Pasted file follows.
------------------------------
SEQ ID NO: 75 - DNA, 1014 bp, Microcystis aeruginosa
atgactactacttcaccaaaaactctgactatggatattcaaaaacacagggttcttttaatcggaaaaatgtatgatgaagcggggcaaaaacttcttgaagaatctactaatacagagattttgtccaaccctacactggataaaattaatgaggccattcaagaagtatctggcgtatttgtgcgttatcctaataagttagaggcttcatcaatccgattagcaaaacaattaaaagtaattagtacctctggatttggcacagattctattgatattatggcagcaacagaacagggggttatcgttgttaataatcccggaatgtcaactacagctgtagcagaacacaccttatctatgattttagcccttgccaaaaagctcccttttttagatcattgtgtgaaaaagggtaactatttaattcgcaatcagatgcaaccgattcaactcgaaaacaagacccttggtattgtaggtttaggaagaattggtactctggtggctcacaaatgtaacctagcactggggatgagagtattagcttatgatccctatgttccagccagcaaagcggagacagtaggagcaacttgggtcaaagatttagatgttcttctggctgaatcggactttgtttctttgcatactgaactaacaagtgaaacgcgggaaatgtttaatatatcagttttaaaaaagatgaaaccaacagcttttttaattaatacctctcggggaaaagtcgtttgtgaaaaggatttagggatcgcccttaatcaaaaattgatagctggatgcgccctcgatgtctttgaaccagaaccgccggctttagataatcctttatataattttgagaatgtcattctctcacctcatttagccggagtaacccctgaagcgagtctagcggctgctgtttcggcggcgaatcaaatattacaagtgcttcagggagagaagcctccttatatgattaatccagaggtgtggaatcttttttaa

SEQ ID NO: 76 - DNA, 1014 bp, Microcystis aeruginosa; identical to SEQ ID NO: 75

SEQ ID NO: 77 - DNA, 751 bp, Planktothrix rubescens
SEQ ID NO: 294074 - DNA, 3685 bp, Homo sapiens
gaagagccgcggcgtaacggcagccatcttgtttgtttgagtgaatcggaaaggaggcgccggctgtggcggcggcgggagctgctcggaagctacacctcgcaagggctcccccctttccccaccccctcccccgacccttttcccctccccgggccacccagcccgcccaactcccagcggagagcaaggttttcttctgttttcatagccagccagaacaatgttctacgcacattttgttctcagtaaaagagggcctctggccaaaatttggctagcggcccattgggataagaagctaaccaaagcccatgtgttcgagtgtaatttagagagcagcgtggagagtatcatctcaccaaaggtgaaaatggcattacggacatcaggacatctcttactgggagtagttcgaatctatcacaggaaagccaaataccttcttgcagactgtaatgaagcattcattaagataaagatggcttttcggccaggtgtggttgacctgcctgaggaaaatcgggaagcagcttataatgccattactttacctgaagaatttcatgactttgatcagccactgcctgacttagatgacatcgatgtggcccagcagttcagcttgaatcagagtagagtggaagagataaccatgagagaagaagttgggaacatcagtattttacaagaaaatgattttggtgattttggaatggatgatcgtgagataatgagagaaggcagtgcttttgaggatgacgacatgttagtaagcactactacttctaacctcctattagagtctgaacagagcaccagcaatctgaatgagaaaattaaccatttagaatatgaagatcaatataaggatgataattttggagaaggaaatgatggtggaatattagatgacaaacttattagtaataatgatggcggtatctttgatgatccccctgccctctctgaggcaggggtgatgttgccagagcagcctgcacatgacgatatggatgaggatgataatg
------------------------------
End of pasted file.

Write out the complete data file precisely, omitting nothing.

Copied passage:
SEQ ID NO: 75 - DNA, 1014 bp, Microcystis aeruginosa
atgactactacttcaccaaaaactctgactatggatattcaaaaacacagggttcttttaatcggaaaaatgtatgatgaagcggggcaaaaacttcttgaagaatctactaatacagagattttgtccaaccctacactggataaaattaatgaggccattcaagaagtatctggcgtatttgtgcgttatcctaataagttagaggcttcatcaatccgattagcaaaacaattaaaagtaattagtacctctggatttggcacagattctattgatattatggcagcaacagaacagggggttatcgttgttaataatcccggaatgtcaactacagctgtagcagaacacaccttatctatgattttagcccttgccaaaaagctcccttttttagatcattgtgtgaaaaagggtaactatttaattcgcaatcagatgcaaccgattcaactcgaaaacaagacccttggtattgtaggtttaggaagaattggtactctggtggctcacaaatgtaacctagcactggggatgagagtattagcttatgatccctatgttccagccagcaaagcggagacagtaggagcaacttgggtcaaagatttagatgttcttctggctgaatcggactttgtttctttgcatactgaactaacaagtgaaacgcgggaaatgtttaatatatcagttttaaaaaagatgaaaccaacagcttttttaattaatacctctcggggaaaagtcgtttgtgaaaaggatttagggatcgcccttaatcaaaaattgatagctggatgcgccctcgatgtctttgaaccagaaccgccggctttagataatcctttatataattttgagaatgtcattctctcacctcatttagccggagtaacccctgaagcgagtctagcggctgctgtttcggcggcgaatcaaatattacaagtgcttcagggagagaagcctccttatatgattaatccagaggtgtggaatcttttttaa

SEQ ID NO: 76 - DNA, 1014 bp, Microcystis aeruginosa; identical to SEQ ID NO: 75

SEQ ID NO: 77 - DNA, 751 bp, Planktothrix rubescens
SEQ ID NO: 294074 - DNA, 3685 bp, Homo sapiens
gaagagccgcggcgtaacggcagccatcttgtttgtttgagtgaatcggaaaggaggcgccggctgtggcggcggcgggagctgctcggaagctacacctcgcaagggctcccccctttccccaccccctcccccgacccttttcccctccccgggccacccagcccgcccaactcccagcggagagcaaggttttcttctgttttcatagccagccagaacaatgttctacgcacattttgttctcagtaaaagagggcctctggccaaaatttggctagcggcccattgggataagaagctaaccaaagcccatgtgttcgagtgtaatttagagagcagcgtggagagtatcatctcaccaaaggtgaaaatggcattacggacatcaggacatctcttactgggagtagttcgaatctatcacaggaaagccaaataccttcttgcagactgtaatgaagcattcattaagataaagatggcttttcggccaggtgtggttgacctgcctgaggaaaatcgggaagcagcttataatgccattactttacctgaagaatttcatgactttgatcagccactgcctgacttagatgacatcgatgtggcccagcagttcagcttgaatcagagtagagtggaagagataaccatgagagaagaagttgggaacatcagtattttacaagaaaatgattttggtgattttggaatggatgatcgtgagataatgagagaaggcagtgcttttgaggatgacgacatgttagtaagcactactacttctaacctcctattagagtctgaacagagcaccagcaatctgaatgagaaaattaaccatttagaatatgaagatcaatataaggatgataattttggagaaggaaatgatggtggaatattagatgacaaacttattagtaataatgatggcggtatctttgatgatccccctgccctctctgaggcaggggtgatgttgccagagcagcctgcacatgacgatatggatgaggatgataatg